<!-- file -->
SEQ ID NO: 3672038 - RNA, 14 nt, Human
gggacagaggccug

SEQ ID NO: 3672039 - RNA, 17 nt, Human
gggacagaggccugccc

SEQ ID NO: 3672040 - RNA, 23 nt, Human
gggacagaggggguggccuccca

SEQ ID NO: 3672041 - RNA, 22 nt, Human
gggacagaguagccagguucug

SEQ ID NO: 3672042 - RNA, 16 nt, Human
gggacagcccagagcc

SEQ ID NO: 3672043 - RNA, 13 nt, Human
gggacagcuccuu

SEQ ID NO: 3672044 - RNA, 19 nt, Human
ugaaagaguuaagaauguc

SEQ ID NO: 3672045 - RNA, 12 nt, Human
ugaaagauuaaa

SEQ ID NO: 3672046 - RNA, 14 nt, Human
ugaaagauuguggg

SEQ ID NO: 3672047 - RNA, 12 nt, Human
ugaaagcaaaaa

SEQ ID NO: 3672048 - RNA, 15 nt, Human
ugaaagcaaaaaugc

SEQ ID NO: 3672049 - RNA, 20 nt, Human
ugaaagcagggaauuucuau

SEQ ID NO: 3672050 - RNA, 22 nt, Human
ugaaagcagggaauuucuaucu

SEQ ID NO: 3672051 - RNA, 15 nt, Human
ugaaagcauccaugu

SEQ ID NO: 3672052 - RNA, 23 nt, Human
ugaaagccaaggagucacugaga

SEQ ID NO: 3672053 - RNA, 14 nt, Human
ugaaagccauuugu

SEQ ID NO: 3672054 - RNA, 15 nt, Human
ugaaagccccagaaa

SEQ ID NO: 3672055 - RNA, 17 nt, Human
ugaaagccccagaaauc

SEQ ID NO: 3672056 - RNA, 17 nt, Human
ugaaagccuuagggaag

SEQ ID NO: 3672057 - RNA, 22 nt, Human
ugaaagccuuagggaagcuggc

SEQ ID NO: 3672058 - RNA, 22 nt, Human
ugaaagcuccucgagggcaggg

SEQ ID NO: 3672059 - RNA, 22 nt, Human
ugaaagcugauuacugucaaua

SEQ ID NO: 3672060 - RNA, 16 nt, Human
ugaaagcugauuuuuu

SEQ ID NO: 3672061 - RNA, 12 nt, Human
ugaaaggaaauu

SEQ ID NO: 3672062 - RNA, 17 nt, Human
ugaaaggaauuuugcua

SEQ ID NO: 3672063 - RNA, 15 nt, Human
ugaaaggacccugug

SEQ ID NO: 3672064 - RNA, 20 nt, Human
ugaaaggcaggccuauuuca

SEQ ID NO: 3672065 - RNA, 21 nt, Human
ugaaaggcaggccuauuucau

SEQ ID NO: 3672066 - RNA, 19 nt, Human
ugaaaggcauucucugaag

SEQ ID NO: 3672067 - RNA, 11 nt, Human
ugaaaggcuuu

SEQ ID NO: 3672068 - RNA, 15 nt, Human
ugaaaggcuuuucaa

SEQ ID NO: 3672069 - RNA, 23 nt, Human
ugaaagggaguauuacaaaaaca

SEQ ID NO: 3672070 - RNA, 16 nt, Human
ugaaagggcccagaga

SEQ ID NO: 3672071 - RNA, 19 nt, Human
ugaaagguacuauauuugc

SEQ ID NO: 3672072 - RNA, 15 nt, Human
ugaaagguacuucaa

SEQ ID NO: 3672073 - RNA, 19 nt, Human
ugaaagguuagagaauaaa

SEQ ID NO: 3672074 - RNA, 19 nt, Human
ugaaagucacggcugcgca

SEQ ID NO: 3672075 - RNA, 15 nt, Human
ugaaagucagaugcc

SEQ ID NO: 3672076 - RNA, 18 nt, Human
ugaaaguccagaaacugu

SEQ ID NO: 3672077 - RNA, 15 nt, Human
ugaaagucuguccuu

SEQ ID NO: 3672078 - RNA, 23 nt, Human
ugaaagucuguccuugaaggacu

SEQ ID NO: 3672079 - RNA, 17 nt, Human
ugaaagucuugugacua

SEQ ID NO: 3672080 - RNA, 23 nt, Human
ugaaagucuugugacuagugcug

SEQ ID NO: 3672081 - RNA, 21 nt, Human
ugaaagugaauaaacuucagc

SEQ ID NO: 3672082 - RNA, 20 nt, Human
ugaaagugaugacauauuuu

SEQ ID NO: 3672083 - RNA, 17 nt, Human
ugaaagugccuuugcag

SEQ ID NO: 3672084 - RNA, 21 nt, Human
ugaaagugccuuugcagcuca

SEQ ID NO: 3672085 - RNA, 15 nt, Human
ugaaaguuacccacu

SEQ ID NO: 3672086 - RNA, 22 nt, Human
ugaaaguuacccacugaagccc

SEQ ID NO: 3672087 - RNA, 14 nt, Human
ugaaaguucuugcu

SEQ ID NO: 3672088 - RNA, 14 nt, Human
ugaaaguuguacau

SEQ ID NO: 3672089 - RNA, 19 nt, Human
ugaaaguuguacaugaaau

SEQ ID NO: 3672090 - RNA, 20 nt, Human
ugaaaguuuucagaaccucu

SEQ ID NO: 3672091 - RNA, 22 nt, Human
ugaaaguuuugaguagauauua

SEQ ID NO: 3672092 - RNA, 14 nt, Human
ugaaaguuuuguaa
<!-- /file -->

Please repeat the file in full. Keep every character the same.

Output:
SEQ ID NO: 3672038 - RNA, 14 nt, Human
gggacagaggccug

SEQ ID NO: 3672039 - RNA, 17 nt, Human
gggacagaggccugccc

SEQ ID NO: 3672040 - RNA, 23 nt, Human
gggacagaggggguggccuccca

SEQ ID NO: 3672041 - RNA, 22 nt, Human
gggacagaguagccagguucug

SEQ ID NO: 3672042 - RNA, 16 nt, Human
gggacagcccagagcc

SEQ ID NO: 3672043 - RNA, 13 nt, Human
gggacagcuccuu

SEQ ID NO: 3672044 - RNA, 19 nt, Human
ugaaagaguuaagaauguc

SEQ ID NO: 3672045 - RNA, 12 nt, Human
ugaaagauuaaa

SEQ ID NO: 3672046 - RNA, 14 nt, Human
ugaaagauuguggg

SEQ ID NO: 3672047 - RNA, 12 nt, Human
ugaaagcaaaaa

SEQ ID NO: 3672048 - RNA, 15 nt, Human
ugaaagcaaaaaugc

SEQ ID NO: 3672049 - RNA, 20 nt, Human
ugaaagcagggaauuucuau

SEQ ID NO: 3672050 - RNA, 22 nt, Human
ugaaagcagggaauuucuaucu

SEQ ID NO: 3672051 - RNA, 15 nt, Human
ugaaagcauccaugu

SEQ ID NO: 3672052 - RNA, 23 nt, Human
ugaaagccaaggagucacugaga

SEQ ID NO: 3672053 - RNA, 14 nt, Human
ugaaagccauuugu

SEQ ID NO: 3672054 - RNA, 15 nt, Human
ugaaagccccagaaa

SEQ ID NO: 3672055 - RNA, 17 nt, Human
ugaaagccccagaaauc

SEQ ID NO: 3672056 - RNA, 17 nt, Human
ugaaagccuuagggaag

SEQ ID NO: 3672057 - RNA, 22 nt, Human
ugaaagccuuagggaagcuggc

SEQ ID NO: 3672058 - RNA, 22 nt, Human
ugaaagcuccucgagggcaggg

SEQ ID NO: 3672059 - RNA, 22 nt, Human
ugaaagcugauuacugucaaua

SEQ ID NO: 3672060 - RNA, 16 nt, Human
ugaaagcugauuuuuu

SEQ ID NO: 3672061 - RNA, 12 nt, Human
ugaaaggaaauu

SEQ ID NO: 3672062 - RNA, 17 nt, Human
ugaaaggaauuuugcua

SEQ ID NO: 3672063 - RNA, 15 nt, Human
ugaaaggacccugug

SEQ ID NO: 3672064 - RNA, 20 nt, Human
ugaaaggcaggccuauuuca

SEQ ID NO: 3672065 - RNA, 21 nt, Human
ugaaaggcaggccuauuucau

SEQ ID NO: 3672066 - RNA, 19 nt, Human
ugaaaggcauucucugaag

SEQ ID NO: 3672067 - RNA, 11 nt, Human
ugaaaggcuuu

SEQ ID NO: 3672068 - RNA, 15 nt, Human
ugaaaggcuuuucaa

SEQ ID NO: 3672069 - RNA, 23 nt, Human
ugaaagggaguauuacaaaaaca

SEQ ID NO: 3672070 - RNA, 16 nt, Human
ugaaagggcccagaga

SEQ ID NO: 3672071 - RNA, 19 nt, Human
ugaaagguacuauauuugc

SEQ ID NO: 3672072 - RNA, 15 nt, Human
ugaaagguacuucaa

SEQ ID NO: 3672073 - RNA, 19 nt, Human
ugaaagguuagagaauaaa

SEQ ID NO: 3672074 - RNA, 19 nt, Human
ugaaagucacggcugcgca

SEQ ID NO: 3672075 - RNA, 15 nt, Human
ugaaagucagaugcc

SEQ ID NO: 3672076 - RNA, 18 nt, Human
ugaaaguccagaaacugu

SEQ ID NO: 3672077 - RNA, 15 nt, Human
ugaaagucuguccuu

SEQ ID NO: 3672078 - RNA, 23 nt, Human
ugaaagucuguccuugaaggacu

SEQ ID NO: 3672079 - RNA, 17 nt, Human
ugaaagucuugugacua

SEQ ID NO: 3672080 - RNA, 23 nt, Human
ugaaagucuugugacuagugcug

SEQ ID NO: 3672081 - RNA, 21 nt, Human
ugaaagugaauaaacuucagc

SEQ ID NO: 3672082 - RNA, 20 nt, Human
ugaaagugaugacauauuuu

SEQ ID NO: 3672083 - RNA, 17 nt, Human
ugaaagugccuuugcag

SEQ ID NO: 3672084 - RNA, 21 nt, Human
ugaaagugccuuugcagcuca

SEQ ID NO: 3672085 - RNA, 15 nt, Human
ugaaaguuacccacu

SEQ ID NO: 3672086 - RNA, 22 nt, Human
ugaaaguuacccacugaagccc

SEQ ID NO: 3672087 - RNA, 14 nt, Human
ugaaaguucuugcu

SEQ ID NO: 3672088 - RNA, 14 nt, Human
ugaaaguuguacau

SEQ ID NO: 3672089 - RNA, 19 nt, Human
ugaaaguuguacaugaaau

SEQ ID NO: 3672090 - RNA, 20 nt, Human
ugaaaguuuucagaaccucu

SEQ ID NO: 3672091 - RNA, 22 nt, Human
ugaaaguuuugaguagauauua

SEQ ID NO: 3672092 - RNA, 14 nt, Human
ugaaaguuuuguaa